United Kingdom Tanguy, Dusapin, Boulez. Robert Plane (clarinet), BBC National Orchestra of Wales / Otto Tausk (conductor). Hoddinott Hall, Cardiff. 25.2.2014 (PCG)
Éric Tanguy – Éclipse (1999)
Pascal Dusapin – Extenso (1994)
Pierre Boulez – Domaines (1968, revised 1974)
This enterprising programme opened with Éclipse by Éric Tanguy (born 1968), a sort of beefed-up Ravel impressionist tone-poem which conjured up plenty of nervous energy during its twenty minutes (it was written for an open-air performance during the total solar eclipse of 1999). But the lack of any substantial writing for solo instruments – presumably reflecting the circumstances of its première – meant that there was a certain lack of contrast apparent, and the absence of any percussion at all apart from the timpani seemed odd. The effect was rather like the score for a modern Hollywood epic, but with more musical substance; one would like to hear more works from this composer.
Extenso by Pascal Dusapin (born 1955) was somewhat confusingly entitled “Solo for orchestra No 2,” but seemed to be from very much the same mould as the Tanguy piece although the post-impressionist textures and harmonies were somewhat leaner – not altogether aided by the sometime shrill writing for the piccolo and ubiquitous trombone pedal notes. Again there were no real passages highlighting any instruments in solo writing, and the effect sounded rather like a more sinister Hollywood score – possibly a dark fantasy rather than an epic this time, particularly during passages featuring slow trombone glissandi and slow descending woodwind scales.
At the time of its first performance Boulez’s Domaines seemed very original and ground-breaking, with its division of the orchestra into six chamber ensembles each of which interact with a solo clarinet who moves around the stage between the various groups. The order in which each group plays is determined by the soloist, who selects which segment is to be played in the running order and then interjects his own response. After all six ensembles have played, the conductor then takes over and selects the running order, with the clarinet again moving to each section and playing a further cadenza-like passage. The work was originally written for clarinet alone, and it must be said that although the writing for each chamber ensemble is carefully contrived the double circuit of the stage means that the work seems to go on for far longer than its content would really merit. And the random order of the movements means that any sense of a cumulative journey, a sense of purpose in the music, is entirely fortuitous with – as Peter Reynolds’s always informative programme notes told us – 720×720 completely different ways in which the work could be organised. Robert Plane, moving around the stage in shoes that were not ideally designed to be soundless on the wooden boards of the hall, played superbly with a quite incredible range of dynamics and full command of the various techniques – fluttertongue, vibrato, chords, etc – demanded by Boulez; but even his evident commitment and the delivery by the various chamber groups of what Cornelius Cardew once described as Boulez’s “graceful hiccoughs” could not really convince one that a work once so revolutionary in its approach did not now sound rather dated.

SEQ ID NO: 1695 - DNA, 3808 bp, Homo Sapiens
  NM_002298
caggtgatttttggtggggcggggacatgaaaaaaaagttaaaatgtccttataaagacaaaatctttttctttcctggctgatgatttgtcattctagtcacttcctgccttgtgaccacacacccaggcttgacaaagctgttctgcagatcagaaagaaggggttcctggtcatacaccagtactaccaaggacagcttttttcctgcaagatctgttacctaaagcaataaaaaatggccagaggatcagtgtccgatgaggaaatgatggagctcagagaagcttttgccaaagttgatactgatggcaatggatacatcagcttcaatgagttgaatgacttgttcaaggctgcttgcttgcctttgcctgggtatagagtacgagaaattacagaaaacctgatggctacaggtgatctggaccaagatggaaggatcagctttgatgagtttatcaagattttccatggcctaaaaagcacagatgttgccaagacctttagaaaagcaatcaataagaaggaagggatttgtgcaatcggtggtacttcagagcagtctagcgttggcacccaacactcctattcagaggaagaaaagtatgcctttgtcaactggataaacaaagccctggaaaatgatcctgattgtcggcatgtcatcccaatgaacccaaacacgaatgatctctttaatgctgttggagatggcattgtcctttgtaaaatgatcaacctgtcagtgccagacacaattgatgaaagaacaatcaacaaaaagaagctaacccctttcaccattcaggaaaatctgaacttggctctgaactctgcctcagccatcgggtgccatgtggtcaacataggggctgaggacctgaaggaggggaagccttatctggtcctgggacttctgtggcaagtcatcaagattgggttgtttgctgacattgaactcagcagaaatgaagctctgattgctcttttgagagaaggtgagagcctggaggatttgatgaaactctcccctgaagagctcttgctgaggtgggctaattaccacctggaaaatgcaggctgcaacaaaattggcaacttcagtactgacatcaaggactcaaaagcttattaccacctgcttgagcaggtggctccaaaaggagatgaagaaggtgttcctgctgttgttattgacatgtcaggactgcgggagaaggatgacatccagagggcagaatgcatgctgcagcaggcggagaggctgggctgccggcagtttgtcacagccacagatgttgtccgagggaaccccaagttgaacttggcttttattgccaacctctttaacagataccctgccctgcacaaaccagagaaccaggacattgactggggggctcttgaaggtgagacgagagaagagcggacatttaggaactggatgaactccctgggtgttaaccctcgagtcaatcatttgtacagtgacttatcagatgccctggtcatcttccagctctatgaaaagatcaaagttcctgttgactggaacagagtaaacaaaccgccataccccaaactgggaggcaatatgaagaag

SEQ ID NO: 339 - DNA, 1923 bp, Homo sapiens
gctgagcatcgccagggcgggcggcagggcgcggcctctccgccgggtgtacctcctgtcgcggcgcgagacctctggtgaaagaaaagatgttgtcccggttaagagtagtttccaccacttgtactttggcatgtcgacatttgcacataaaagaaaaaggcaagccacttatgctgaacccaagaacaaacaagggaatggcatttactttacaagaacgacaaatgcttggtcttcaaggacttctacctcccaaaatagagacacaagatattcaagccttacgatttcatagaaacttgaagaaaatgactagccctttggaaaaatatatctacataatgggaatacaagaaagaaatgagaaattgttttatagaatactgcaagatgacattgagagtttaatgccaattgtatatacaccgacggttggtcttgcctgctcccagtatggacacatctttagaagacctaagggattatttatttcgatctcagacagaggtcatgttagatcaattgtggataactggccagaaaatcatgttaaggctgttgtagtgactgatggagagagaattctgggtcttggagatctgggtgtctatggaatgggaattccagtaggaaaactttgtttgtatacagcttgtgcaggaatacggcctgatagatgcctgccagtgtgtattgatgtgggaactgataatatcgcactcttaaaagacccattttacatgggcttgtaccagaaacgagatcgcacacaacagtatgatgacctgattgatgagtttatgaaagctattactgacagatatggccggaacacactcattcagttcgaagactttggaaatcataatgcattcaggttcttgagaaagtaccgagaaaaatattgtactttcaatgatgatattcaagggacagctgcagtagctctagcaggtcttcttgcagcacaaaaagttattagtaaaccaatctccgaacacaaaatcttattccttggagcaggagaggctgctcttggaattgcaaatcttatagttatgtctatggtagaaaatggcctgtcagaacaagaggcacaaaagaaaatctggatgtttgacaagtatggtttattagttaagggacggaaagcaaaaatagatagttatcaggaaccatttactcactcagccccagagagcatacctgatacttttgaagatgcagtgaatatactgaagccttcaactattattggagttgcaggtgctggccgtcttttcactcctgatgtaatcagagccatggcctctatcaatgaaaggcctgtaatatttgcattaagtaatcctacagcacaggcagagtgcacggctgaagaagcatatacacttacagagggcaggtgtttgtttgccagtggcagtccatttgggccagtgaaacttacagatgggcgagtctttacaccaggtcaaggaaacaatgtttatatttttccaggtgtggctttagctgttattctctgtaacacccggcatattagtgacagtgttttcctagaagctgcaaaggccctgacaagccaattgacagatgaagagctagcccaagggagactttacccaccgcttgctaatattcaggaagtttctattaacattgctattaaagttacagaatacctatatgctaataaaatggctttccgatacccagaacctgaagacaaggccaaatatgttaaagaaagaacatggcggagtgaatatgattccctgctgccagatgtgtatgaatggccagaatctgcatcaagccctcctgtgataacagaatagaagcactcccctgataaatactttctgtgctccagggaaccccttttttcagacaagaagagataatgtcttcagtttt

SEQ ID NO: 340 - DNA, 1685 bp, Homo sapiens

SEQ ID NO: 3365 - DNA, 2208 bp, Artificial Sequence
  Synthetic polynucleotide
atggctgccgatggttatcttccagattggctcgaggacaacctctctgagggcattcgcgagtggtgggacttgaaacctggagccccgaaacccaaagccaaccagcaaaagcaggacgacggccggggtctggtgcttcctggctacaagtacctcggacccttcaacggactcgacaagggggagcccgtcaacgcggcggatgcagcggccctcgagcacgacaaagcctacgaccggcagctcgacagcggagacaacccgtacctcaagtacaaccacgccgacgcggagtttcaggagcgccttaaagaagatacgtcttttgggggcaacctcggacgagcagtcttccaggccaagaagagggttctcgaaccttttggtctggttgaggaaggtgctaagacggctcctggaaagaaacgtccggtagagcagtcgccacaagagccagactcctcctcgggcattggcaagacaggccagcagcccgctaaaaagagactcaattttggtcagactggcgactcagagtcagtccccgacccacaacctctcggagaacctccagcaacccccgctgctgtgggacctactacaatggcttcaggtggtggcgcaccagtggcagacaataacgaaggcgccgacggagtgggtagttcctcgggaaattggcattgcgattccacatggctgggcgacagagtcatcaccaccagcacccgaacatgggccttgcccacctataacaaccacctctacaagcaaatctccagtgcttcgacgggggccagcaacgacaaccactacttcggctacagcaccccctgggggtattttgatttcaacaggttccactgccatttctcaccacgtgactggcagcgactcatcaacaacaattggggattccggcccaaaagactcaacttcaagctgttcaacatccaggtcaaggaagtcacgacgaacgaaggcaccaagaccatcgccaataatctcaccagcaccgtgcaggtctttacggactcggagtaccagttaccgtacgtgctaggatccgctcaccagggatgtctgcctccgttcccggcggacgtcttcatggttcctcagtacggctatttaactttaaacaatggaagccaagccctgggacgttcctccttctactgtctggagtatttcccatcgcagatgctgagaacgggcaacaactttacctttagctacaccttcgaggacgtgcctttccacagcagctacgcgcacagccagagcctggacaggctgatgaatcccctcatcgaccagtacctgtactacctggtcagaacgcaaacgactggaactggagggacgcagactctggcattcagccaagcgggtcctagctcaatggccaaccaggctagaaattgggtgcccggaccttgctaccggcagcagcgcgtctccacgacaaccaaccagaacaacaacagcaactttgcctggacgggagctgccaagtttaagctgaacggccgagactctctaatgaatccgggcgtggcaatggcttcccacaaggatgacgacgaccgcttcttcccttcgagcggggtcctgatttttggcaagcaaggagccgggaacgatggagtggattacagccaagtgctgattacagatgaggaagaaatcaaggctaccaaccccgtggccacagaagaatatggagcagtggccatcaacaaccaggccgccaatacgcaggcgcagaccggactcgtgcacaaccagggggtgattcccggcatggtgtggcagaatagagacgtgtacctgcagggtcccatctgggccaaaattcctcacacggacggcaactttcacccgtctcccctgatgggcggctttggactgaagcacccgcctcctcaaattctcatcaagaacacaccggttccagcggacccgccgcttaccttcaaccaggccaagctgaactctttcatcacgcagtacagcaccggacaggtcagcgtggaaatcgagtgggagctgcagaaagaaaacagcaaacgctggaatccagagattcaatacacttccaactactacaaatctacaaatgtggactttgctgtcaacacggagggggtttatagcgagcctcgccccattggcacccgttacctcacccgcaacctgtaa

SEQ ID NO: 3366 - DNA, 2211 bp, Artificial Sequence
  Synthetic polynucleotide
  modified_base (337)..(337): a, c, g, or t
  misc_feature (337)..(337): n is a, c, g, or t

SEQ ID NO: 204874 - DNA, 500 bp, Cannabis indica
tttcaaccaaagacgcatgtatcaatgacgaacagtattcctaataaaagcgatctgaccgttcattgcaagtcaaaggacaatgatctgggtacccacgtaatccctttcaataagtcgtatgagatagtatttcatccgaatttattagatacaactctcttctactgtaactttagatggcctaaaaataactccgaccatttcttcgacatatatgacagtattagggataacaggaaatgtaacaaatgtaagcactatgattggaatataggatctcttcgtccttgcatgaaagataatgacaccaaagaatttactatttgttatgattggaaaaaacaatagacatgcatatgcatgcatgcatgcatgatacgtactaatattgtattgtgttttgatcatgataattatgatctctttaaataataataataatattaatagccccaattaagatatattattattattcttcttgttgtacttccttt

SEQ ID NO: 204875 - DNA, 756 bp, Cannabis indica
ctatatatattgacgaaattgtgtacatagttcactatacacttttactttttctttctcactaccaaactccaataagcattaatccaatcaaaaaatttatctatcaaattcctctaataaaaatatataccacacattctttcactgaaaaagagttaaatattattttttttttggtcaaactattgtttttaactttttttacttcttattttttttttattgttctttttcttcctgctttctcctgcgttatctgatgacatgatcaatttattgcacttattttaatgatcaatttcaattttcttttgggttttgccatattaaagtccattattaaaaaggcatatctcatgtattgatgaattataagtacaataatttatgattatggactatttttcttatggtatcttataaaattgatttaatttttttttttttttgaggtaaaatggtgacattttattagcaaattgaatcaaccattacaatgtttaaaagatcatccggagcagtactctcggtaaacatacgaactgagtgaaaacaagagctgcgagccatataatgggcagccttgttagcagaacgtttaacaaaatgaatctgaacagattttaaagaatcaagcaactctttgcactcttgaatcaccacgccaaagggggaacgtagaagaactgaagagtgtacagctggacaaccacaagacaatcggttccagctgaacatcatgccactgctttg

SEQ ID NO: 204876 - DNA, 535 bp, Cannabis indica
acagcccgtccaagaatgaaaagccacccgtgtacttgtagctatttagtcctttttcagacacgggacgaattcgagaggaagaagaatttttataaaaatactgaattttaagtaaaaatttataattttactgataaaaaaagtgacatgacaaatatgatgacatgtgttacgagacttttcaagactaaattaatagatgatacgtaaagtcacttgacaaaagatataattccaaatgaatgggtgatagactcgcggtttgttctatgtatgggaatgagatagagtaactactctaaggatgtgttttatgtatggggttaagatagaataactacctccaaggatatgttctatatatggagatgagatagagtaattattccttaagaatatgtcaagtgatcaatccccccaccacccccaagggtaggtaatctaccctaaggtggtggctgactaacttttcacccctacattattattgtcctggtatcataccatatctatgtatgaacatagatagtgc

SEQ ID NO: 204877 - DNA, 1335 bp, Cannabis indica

Paul Corfield Godfrey